I just had my second baby on December 31st and to our surprise, it’s another girl! We were between Roseline (my choice) and Marguerite (his choice) and settled on Marguerite on the condition that her nickname can be Maple.

I love the name. My daughter’s name is Annabelle Maple Sunshine. The Maple is to connect her to her Canadian roots as her father and I are both Cdn ex-pats living overseas.

Melissa, that’s such a nice connection to your heritage! And I love the combination of vintage Annabelle, followed by unexpected nature names.

I think Maple is absolutely awful, and such a let down after lovely Francesca. I mean, would YOU want to go through life introducing yourself as ‘Maple’? I sure wouldn’t. Also, Maple Bateman is quite the tongue-twister…

I like Maple. And I think you’re spot-on with all the reasons she works. But I agree with C in DC that the shock of Maple is her sister is Francesca. If I were Maple and my sister were Francesca, I’d feel like I got the wrong end of that deal. But if I were Maple and my sister were Melody or Willow? Well that would be peachy keen.

And yes, Maple Sylvie Bateman lacks rhythm AND looks like maple syrup. Sylvia Maple Bateman would have been a much prettier choice.

I met a Maple who was probably in her 70s or 80s a few years ago. I was intrigued then, although I don’t care for it now.

Most tree names definitely say boy or girl to me. Maple is girl, Cedar is boy. Another commenter mentioned Aspen (boy) and Birch (girl). I don’t know why…

Maple Bateman’s a bit much, although Mabel Bateman would have been even harder to say fast. I think the shock of Maple is really that her older sister is Francesca. Sylvie or Sylvia Bateman wouldn’t have drawn hardly any comment.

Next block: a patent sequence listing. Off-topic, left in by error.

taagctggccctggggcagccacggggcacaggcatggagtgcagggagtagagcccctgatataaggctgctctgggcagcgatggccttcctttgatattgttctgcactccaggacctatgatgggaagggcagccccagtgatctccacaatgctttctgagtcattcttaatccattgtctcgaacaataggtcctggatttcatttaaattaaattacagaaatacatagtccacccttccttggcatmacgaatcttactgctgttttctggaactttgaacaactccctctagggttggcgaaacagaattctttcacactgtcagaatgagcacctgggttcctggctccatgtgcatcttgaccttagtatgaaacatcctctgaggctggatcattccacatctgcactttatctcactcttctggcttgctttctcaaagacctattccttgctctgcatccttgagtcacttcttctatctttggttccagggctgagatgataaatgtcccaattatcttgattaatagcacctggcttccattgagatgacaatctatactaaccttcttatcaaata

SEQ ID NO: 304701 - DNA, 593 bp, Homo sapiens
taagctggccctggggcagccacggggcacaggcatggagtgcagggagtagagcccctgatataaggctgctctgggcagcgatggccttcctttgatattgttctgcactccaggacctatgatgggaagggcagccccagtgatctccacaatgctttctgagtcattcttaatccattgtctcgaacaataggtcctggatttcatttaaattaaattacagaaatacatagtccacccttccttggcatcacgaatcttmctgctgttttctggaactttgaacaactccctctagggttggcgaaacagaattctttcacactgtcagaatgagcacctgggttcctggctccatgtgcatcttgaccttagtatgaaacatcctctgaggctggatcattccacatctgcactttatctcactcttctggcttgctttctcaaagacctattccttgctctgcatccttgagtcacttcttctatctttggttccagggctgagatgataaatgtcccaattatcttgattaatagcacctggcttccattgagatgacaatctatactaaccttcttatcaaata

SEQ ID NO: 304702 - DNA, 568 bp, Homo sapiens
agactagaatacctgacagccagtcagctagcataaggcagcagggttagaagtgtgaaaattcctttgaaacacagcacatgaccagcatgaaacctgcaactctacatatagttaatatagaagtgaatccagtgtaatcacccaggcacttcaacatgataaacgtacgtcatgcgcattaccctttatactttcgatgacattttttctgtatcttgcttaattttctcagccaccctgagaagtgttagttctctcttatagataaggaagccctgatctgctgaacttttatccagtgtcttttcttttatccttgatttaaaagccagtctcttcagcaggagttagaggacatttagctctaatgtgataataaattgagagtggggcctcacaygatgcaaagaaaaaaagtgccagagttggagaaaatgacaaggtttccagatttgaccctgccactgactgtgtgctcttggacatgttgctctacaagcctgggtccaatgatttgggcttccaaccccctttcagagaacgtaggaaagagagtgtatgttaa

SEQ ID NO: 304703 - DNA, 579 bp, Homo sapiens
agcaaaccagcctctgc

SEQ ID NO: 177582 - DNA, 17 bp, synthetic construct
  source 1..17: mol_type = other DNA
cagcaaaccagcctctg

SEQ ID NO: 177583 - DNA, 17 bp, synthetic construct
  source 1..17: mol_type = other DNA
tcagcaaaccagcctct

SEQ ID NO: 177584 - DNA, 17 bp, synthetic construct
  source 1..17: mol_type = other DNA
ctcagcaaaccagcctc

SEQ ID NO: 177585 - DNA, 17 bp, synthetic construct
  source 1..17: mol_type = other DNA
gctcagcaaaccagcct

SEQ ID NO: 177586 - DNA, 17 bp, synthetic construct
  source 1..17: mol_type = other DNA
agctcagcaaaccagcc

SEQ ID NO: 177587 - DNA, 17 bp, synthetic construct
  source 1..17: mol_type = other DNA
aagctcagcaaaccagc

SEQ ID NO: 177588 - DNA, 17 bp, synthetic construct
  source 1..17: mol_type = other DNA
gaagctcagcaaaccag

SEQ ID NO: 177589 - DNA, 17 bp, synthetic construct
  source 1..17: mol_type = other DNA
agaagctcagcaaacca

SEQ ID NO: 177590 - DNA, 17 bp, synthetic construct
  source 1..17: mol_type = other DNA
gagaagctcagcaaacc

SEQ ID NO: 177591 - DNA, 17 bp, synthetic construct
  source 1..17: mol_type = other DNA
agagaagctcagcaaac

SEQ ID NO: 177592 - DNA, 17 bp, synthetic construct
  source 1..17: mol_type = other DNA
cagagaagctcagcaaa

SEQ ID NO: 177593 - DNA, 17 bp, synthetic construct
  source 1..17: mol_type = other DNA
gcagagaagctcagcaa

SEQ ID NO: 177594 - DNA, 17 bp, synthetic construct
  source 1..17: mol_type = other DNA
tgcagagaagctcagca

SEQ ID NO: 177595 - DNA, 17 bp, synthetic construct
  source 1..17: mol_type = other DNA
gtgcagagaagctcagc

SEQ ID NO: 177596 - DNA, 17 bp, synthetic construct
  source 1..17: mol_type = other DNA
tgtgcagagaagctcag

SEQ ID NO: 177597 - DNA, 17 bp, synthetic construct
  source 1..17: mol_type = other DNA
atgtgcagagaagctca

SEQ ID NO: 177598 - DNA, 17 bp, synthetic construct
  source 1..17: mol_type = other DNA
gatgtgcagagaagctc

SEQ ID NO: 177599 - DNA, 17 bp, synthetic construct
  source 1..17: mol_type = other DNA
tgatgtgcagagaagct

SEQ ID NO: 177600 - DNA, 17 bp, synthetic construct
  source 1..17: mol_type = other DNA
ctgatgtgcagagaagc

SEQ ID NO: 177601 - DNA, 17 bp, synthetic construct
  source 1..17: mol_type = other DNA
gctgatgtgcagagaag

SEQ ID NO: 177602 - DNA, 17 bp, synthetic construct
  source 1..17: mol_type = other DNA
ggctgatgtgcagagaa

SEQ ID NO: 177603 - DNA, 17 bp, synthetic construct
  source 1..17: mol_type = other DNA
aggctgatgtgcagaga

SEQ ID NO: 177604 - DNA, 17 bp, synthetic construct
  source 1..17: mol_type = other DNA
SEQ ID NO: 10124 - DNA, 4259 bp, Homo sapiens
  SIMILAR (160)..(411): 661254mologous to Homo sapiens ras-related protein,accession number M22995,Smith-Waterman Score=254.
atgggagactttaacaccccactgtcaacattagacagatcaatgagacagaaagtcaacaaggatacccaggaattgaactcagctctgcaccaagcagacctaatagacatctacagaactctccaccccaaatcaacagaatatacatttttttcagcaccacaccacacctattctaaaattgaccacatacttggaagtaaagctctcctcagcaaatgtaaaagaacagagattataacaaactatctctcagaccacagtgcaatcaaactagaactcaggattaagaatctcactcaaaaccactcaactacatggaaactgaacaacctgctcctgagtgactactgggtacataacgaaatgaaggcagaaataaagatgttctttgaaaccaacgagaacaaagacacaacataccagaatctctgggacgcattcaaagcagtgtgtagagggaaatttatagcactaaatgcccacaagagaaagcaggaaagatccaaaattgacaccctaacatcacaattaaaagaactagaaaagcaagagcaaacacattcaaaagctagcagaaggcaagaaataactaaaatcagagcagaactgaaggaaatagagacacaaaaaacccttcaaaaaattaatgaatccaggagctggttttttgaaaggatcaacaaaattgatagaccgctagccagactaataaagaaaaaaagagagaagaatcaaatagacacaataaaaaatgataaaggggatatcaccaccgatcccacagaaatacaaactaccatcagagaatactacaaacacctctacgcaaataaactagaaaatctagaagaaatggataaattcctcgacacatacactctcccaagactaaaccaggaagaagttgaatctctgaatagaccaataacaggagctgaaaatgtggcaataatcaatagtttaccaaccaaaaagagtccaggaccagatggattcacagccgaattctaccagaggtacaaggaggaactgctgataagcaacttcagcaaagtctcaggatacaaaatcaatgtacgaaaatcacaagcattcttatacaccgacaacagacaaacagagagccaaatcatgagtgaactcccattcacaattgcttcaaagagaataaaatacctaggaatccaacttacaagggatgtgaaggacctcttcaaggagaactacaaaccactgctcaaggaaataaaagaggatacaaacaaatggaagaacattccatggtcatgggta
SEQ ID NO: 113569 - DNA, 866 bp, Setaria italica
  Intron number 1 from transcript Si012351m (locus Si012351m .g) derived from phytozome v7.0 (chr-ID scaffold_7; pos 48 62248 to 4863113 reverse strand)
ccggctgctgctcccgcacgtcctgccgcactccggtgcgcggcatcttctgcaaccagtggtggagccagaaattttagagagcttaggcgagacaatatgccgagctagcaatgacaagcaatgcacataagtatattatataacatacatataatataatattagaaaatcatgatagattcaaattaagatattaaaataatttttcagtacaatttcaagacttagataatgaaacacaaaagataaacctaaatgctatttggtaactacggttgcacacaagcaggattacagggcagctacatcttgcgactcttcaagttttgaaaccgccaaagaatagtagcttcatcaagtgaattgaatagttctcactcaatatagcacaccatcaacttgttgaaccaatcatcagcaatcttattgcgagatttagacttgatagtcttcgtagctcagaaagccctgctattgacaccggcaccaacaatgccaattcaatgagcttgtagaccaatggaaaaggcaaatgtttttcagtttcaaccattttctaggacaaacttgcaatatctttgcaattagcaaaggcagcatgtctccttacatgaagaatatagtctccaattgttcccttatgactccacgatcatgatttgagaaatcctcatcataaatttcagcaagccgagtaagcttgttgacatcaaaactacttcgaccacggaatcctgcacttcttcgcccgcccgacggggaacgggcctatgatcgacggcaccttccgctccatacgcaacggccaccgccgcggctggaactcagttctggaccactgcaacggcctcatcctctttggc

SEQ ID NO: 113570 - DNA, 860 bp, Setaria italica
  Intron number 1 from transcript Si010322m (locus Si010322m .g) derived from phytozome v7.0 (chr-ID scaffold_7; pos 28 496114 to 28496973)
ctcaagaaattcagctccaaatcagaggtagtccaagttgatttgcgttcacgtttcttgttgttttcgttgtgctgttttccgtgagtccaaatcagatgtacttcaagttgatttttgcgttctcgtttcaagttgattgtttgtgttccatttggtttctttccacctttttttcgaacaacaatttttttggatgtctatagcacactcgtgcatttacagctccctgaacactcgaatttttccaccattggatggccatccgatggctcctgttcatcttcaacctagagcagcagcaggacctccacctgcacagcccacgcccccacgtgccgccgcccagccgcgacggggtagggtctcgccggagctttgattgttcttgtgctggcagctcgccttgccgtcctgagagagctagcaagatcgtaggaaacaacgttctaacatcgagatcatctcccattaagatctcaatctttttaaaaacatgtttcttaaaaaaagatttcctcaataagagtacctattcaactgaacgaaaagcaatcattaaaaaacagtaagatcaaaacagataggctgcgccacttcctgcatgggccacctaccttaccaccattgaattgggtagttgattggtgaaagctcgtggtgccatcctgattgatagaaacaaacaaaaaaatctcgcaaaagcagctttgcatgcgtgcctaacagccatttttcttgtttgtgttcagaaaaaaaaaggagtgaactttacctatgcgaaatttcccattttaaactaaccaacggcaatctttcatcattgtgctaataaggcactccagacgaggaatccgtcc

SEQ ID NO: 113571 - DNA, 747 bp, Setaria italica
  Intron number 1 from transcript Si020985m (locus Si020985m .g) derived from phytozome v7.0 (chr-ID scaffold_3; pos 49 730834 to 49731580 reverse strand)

I think Maple is attractive and unusual, but doesn’t sound bizarre. I must be the only person who doesn’t hear Maple Sylvie and think maple syrup. It makes me think of forests of maple trees (Sylvie = woods, forest).

When it comes to patriotic monikers, I kind of feel they are beyond criticism.

Not necessarily – Anka definitely went to the US where the money (and Sinatra) was, but he’s always a proud Canadian in interviews. But I did a post in defense of this name, and admittedly the couple may have fallen in love in Vermont, for all we know 🙂 Lots of maples there, too!

I know of children named Aspen and Birch, so Maple gets a “why not?” from me.

I don’t really My only complaint this particular name is it’s sing-song rhythm. My little one is playing with this caterpillar that plays “Oh My Darling Clementine” and now I’m hearing it as…
MAY-ple SIL-vee, MAY-ple SIL-vee,
MAY-ple SIL-vee BAY-ate-man!

If her name was Maple Silvia or Maple Vivienne instead, it would have been a favorite.

I think Maple is a wonderful nature name.. kinda reminds me of Myrtle, but much prettier. I dont agree on the gender neutral though, I feel that it leans towards girl for me. Great post!

I actually like Maple and don’t see why people think it’s so “out there.” Maple is only one letter off from Mabel! Although Maple Sylvie does kind of remind me of maple syrup…

There’s a baby Maple in my neighborhood my daughter’s age (so ~a year and a half). Sweet kid, hipster parents (they own a chain of cupcake bakeries). I thought it was an adorable name. The dual nature meaning and the nod to the “sweet” profession of the parents.

I like Maple – especially if you have a Canada connection. (Which I don’t, so I probably wouldn’t use it myself.) The similarity in sound to Mable and they nickname possibility of May / Mae makes it sound like a name. That makes the name sound girly to me – though in the middle for a boy could work too.

I don’t mind Maple, particularly in the middle. As a first name, for me, it’s surprising any way you slice it. However, let me just say that I find the combination Maple Sylvie a little to reminiscent of maple syrup; I wish the middle they chose didn’t start “sy.”

Well…even with all the pros you listed, I can’t be swayed. It’s another of those times when it sounds like a celebrity trying too hard.